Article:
Women’s lives are marked by a daily continuum of violence by men, resulting in women being murdered every three hours in South Africa. Despite this, constructions of femicide in SA mask its politics by framing the murder of women by men as isolated incidents and not a structural phenomenon caused by toxic violent masculinities.
The 2018 Global Peace Index ranked South Africa as one of the most violent countries in the world. This violence takes a multitude of institutional and physical forms such as femicide. In the 2017/2018 financial year, 2,930 adult women died by femicide at the hands of men, making South Africa one of the most dangerous places for women. Despite this, the response to femicide in this country has largely degendered the crisis and failed to locate femicide as part of a spectrum of patriarchal violence.
Examples of degendering femicide include the use of words like “monsters” and “animals” to describe men who are perpetrators of femicide. It also includes making “jokes” and comments that suggest that there is a relationship with certain clothing brands and violence. By doing so, we are ignoring the violent masculinities of perpetrators of femicide, and thus disassociating them from their violent crimes. This is problematic because it does not engage with the politics of violence in ways that it ought to, especially in a country that has been noted to have a culture of violence.
Throughout history, violence has been used as a tool for making statements of power. In the context of South Africa, it can be argued that violence is used by perpetrators of femicide to establish and sustain demarcations of domination and subordination between men and women. Thus, femicides are not incidents resulting from a “loss of control” by men, but they are often carefully considered acts of violence used by perpetrators to assert control on women.
This is shown in the murder of 21-year-old Zolile Khumalo. Khumalo was murdered by her ex-boyfriend, Thabani Mzolo, in May 2018. Before shooting her in the presence of two other students, he asked her why she took him for granted and furthermore instructed her to stand up and kiss him before he shot her dead.
The court proceedings disclosed that Mzolo had killed Khumalo because he did not want to accept that she had broken up with him. This demonstrates an ownership mindset and a sense of entitlement to women by men, and moreover shows that femicide is rarely an isolated act of irrationality, but a reinstatement of patriarchal male control by men over women.
The myth of “inappropriate femininity”, often applied by the public when a victim of femicide is seen to deviate from patriarchy’s expectations of women, is used to justify gendered violence by men.
Despite men being the perpetrators of femicide, there is often a binary categorisation that classifies victims of femicide as either “good” or “bad” victims. These binaries are engraved in racialised and classed notions of respectability and are therefore used to cast doubt on the credibility of some victims. This is evident in the trial of Zarah Hector who was kidnapped, bludgeoned to death with a hammer and dumped on a farm in the Western Cape by two men in March 2016.
During the trial, there was an overfocus by the public on Hector allegedly being killed for a drug debt that was owed to one of the perpetrators. Several news publications ran articles that emphasised that she owed one of the perpetrators “a lot of money”. This shifted the discourse from the violent masculinities of the perpetrators to the behaviour of the victim. It also sent a subliminal message that had she not owed him money; she would have not been killed. This not only victim-blamed Hector but it also justified the actions of the perpetrators.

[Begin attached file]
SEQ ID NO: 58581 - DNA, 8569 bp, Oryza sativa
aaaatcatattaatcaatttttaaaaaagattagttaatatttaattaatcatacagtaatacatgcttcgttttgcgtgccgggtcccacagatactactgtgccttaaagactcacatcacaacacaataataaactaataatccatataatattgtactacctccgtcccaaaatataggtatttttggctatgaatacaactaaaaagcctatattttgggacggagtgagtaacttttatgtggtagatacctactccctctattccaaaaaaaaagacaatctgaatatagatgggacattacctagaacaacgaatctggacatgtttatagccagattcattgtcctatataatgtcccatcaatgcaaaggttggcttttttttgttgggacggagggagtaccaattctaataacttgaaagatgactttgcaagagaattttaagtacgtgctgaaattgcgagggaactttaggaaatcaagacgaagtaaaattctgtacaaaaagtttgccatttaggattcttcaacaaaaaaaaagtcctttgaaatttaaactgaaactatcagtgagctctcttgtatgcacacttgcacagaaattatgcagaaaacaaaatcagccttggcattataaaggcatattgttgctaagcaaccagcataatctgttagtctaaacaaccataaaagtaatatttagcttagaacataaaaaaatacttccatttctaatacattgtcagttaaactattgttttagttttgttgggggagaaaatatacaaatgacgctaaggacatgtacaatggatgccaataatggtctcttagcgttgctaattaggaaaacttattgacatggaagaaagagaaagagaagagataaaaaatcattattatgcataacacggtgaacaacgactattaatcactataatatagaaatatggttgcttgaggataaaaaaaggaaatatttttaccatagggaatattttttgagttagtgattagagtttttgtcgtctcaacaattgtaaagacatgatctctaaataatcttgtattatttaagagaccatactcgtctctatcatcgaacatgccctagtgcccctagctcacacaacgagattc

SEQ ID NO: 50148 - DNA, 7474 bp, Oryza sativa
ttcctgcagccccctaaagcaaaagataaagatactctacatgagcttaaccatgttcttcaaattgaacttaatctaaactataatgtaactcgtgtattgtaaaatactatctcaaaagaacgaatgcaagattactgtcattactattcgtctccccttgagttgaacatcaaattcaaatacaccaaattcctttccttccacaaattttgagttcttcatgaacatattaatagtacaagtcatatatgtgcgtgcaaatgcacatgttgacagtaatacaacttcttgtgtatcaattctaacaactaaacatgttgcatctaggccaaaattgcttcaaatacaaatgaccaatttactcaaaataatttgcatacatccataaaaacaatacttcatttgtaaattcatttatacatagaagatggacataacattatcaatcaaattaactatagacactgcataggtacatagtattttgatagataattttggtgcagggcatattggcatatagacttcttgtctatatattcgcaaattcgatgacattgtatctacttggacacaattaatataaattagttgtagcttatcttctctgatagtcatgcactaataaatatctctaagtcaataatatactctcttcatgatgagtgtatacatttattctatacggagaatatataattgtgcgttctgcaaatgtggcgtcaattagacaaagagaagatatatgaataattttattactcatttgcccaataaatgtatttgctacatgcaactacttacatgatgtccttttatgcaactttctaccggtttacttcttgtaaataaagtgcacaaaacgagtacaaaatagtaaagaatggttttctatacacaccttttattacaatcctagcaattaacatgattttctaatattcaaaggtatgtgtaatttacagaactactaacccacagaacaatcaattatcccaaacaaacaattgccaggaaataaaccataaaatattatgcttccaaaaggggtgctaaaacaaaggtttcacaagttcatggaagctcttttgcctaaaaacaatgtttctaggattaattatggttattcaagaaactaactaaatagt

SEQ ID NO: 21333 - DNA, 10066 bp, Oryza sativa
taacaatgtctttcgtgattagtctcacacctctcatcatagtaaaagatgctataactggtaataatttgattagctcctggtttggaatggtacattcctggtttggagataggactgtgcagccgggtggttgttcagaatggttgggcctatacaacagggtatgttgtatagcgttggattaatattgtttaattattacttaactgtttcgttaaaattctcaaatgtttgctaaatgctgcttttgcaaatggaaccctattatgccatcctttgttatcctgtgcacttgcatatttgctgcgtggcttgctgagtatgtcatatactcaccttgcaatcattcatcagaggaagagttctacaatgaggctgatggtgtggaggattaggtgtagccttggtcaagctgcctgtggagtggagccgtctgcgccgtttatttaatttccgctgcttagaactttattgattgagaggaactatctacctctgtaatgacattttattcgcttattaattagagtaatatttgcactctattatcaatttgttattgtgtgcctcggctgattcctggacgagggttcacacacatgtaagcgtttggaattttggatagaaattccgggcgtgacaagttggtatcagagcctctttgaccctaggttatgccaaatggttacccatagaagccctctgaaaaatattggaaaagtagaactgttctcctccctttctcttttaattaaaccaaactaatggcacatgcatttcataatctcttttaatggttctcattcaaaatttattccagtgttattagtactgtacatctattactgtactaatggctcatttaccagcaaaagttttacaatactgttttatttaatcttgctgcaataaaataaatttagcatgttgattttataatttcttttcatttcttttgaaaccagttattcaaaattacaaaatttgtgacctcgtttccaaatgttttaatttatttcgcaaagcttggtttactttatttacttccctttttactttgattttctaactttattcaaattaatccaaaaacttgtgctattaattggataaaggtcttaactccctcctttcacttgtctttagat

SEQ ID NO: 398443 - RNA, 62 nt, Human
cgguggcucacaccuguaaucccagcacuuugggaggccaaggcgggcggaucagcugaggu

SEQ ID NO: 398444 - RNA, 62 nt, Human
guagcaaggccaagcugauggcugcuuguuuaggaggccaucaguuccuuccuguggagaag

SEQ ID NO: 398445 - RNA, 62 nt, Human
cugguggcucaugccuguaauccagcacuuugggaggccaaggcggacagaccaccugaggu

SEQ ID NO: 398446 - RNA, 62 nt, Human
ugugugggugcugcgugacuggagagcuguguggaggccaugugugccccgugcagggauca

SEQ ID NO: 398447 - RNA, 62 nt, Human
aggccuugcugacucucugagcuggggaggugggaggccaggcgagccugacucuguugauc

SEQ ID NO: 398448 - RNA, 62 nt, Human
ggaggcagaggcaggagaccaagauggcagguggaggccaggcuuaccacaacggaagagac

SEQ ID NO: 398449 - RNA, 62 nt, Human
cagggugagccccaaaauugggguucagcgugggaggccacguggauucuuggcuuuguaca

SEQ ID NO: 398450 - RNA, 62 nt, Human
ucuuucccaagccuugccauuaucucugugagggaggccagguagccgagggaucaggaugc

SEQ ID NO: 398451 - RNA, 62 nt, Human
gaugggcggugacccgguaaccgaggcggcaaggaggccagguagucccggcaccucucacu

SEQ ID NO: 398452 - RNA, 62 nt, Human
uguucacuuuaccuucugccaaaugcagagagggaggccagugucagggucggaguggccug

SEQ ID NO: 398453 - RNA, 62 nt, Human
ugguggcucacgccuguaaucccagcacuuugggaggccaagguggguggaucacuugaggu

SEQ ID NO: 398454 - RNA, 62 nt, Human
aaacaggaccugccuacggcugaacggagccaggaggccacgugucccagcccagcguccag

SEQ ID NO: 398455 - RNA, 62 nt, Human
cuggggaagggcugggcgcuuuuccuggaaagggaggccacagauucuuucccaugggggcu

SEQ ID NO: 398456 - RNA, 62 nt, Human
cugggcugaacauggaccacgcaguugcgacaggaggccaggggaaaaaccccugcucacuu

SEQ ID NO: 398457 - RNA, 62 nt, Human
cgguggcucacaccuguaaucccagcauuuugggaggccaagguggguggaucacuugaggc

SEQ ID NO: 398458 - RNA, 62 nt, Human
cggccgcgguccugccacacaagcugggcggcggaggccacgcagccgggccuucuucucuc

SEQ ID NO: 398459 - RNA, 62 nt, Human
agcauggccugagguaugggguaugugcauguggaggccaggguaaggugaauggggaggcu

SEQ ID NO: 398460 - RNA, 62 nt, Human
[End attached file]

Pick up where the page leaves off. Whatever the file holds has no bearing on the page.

The myth of “inappropriate femininity”, often applied by the public when a victim of femicide is seen to deviate from patriarchy’s expectations of women, is used to justify gendered violence by men. The history of this myth stems from colonialism and apartheid which set a standard of white heterosexual innocent femininity in opposition to black women, queer women and sex workers.
Victims of femicide who are categorised as “inappropriate” are dismissed and blamed. This became apparent in the case of 20-year-old Siam Lee, who was found murdered in January 2018. Instead of focusing on the violence that Lee encountered at the hands of the perpetrator, the focus was on Lee’s profession as a sex worker, and this was used to paint the idea that she put herself in danger. This is a justification of femicide that makes excuses for; and legitimizes men’s violence against women.
Hoffmeester (2017) argues that violent toxic hyper-masculinity is engraved in South Africa’s institutional culture and that men’s violence against women is normalized. The femicide cases listed in this article are a few of the many cases that happen in South Africa at the hands of men daily. Despite this, the constructions of femicide do not hold men accountable enough.
Everything ranging from anger, monsters, Uzzi clothing, and victims of femicide are blamed. Yet, men, who are the leading cause of femicide in South Africa, are not properly located in the discourse and they are moreover freed from a lot of responsibility. Men, alongside their performances of violent toxic masculinities, play a central role in why femicide exists in South Africa. DM/MC
Ntebaleng Morake is an education coordinator at the Social Justice Coalition. She is also studying towards a Master’s degree in Political Science.